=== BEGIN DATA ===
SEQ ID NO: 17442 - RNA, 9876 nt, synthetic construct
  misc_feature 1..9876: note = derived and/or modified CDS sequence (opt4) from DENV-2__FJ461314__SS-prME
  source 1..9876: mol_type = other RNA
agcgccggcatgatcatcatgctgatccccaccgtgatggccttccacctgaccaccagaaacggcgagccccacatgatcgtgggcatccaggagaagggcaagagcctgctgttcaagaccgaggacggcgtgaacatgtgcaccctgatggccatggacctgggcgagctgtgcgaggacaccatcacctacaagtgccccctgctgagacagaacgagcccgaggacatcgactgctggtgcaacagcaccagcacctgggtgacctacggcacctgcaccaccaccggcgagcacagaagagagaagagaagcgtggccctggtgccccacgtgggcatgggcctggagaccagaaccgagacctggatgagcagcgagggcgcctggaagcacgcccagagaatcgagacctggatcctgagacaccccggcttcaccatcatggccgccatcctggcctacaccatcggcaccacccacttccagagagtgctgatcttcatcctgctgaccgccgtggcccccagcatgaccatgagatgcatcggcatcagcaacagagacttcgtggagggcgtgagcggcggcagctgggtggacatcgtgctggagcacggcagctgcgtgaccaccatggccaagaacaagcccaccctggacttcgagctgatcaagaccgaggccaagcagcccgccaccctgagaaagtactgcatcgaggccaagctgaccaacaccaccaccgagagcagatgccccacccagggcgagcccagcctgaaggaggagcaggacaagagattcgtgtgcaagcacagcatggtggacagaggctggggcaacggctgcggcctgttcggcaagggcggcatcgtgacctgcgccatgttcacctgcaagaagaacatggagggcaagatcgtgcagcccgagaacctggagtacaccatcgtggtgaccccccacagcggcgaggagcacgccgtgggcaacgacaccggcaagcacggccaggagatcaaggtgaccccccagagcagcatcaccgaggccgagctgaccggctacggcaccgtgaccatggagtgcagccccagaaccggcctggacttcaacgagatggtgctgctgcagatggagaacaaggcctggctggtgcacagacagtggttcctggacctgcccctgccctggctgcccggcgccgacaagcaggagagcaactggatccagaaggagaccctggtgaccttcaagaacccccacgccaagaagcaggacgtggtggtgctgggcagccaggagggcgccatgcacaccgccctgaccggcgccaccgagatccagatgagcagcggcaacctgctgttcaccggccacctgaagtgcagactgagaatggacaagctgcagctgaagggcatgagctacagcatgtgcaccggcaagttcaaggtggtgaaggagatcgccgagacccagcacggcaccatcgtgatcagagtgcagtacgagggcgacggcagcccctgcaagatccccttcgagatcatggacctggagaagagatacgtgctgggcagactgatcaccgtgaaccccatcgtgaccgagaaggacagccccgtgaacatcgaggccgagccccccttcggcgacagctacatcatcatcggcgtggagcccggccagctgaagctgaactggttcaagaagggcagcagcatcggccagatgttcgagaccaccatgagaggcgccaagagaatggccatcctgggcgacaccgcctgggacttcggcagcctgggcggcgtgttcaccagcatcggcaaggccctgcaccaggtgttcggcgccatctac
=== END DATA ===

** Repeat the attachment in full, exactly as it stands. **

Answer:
SEQ ID NO: 17442 - RNA, 9876 nt, synthetic construct
  misc_feature 1..9876: note = derived and/or modified CDS sequence (opt4) from DENV-2__FJ461314__SS-prME
  source 1..9876: mol_type = other RNA
agcgccggcatgatcatcatgctgatccccaccgtgatggccttccacctgaccaccagaaacggcgagccccacatgatcgtgggcatccaggagaagggcaagagcctgctgttcaagaccgaggacggcgtgaacatgtgcaccctgatggccatggacctgggcgagctgtgcgaggacaccatcacctacaagtgccccctgctgagacagaacgagcccgaggacatcgactgctggtgcaacagcaccagcacctgggtgacctacggcacctgcaccaccaccggcgagcacagaagagagaagagaagcgtggccctggtgccccacgtgggcatgggcctggagaccagaaccgagacctggatgagcagcgagggcgcctggaagcacgcccagagaatcgagacctggatcctgagacaccccggcttcaccatcatggccgccatcctggcctacaccatcggcaccacccacttccagagagtgctgatcttcatcctgctgaccgccgtggcccccagcatgaccatgagatgcatcggcatcagcaacagagacttcgtggagggcgtgagcggcggcagctgggtggacatcgtgctggagcacggcagctgcgtgaccaccatggccaagaacaagcccaccctggacttcgagctgatcaagaccgaggccaagcagcccgccaccctgagaaagtactgcatcgaggccaagctgaccaacaccaccaccgagagcagatgccccacccagggcgagcccagcctgaaggaggagcaggacaagagattcgtgtgcaagcacagcatggtggacagaggctggggcaacggctgcggcctgttcggcaagggcggcatcgtgacctgcgccatgttcacctgcaagaagaacatggagggcaagatcgtgcagcccgagaacctggagtacaccatcgtggtgaccccccacagcggcgaggagcacgccgtgggcaacgacaccggcaagcacggccaggagatcaaggtgaccccccagagcagcatcaccgaggccgagctgaccggctacggcaccgtgaccatggagtgcagccccagaaccggcctggacttcaacgagatggtgctgctgcagatggagaacaaggcctggctggtgcacagacagtggttcctggacctgcccctgccctggctgcccggcgccgacaagcaggagagcaactggatccagaaggagaccctggtgaccttcaagaacccccacgccaagaagcaggacgtggtggtgctgggcagccaggagggcgccatgcacaccgccctgaccggcgccaccgagatccagatgagcagcggcaacctgctgttcaccggccacctgaagtgcagactgagaatggacaagctgcagctgaagggcatgagctacagcatgtgcaccggcaagttcaaggtggtgaaggagatcgccgagacccagcacggcaccatcgtgatcagagtgcagtacgagggcgacggcagcccctgcaagatccccttcgagatcatggacctggagaagagatacgtgctgggcagactgatcaccgtgaaccccatcgtgaccgagaaggacagccccgtgaacatcgaggccgagccccccttcggcgacagctacatcatcatcggcgtggagcccggccagctgaagctgaactggttcaagaagggcagcagcatcggccagatgttcgagaccaccatgagaggcgccaagagaatggccatcctgggcgacaccgcctgggacttcggcagcctgggcggcgtgttcaccagcatcggcaaggccctgcaccaggtgttcggcgccatctac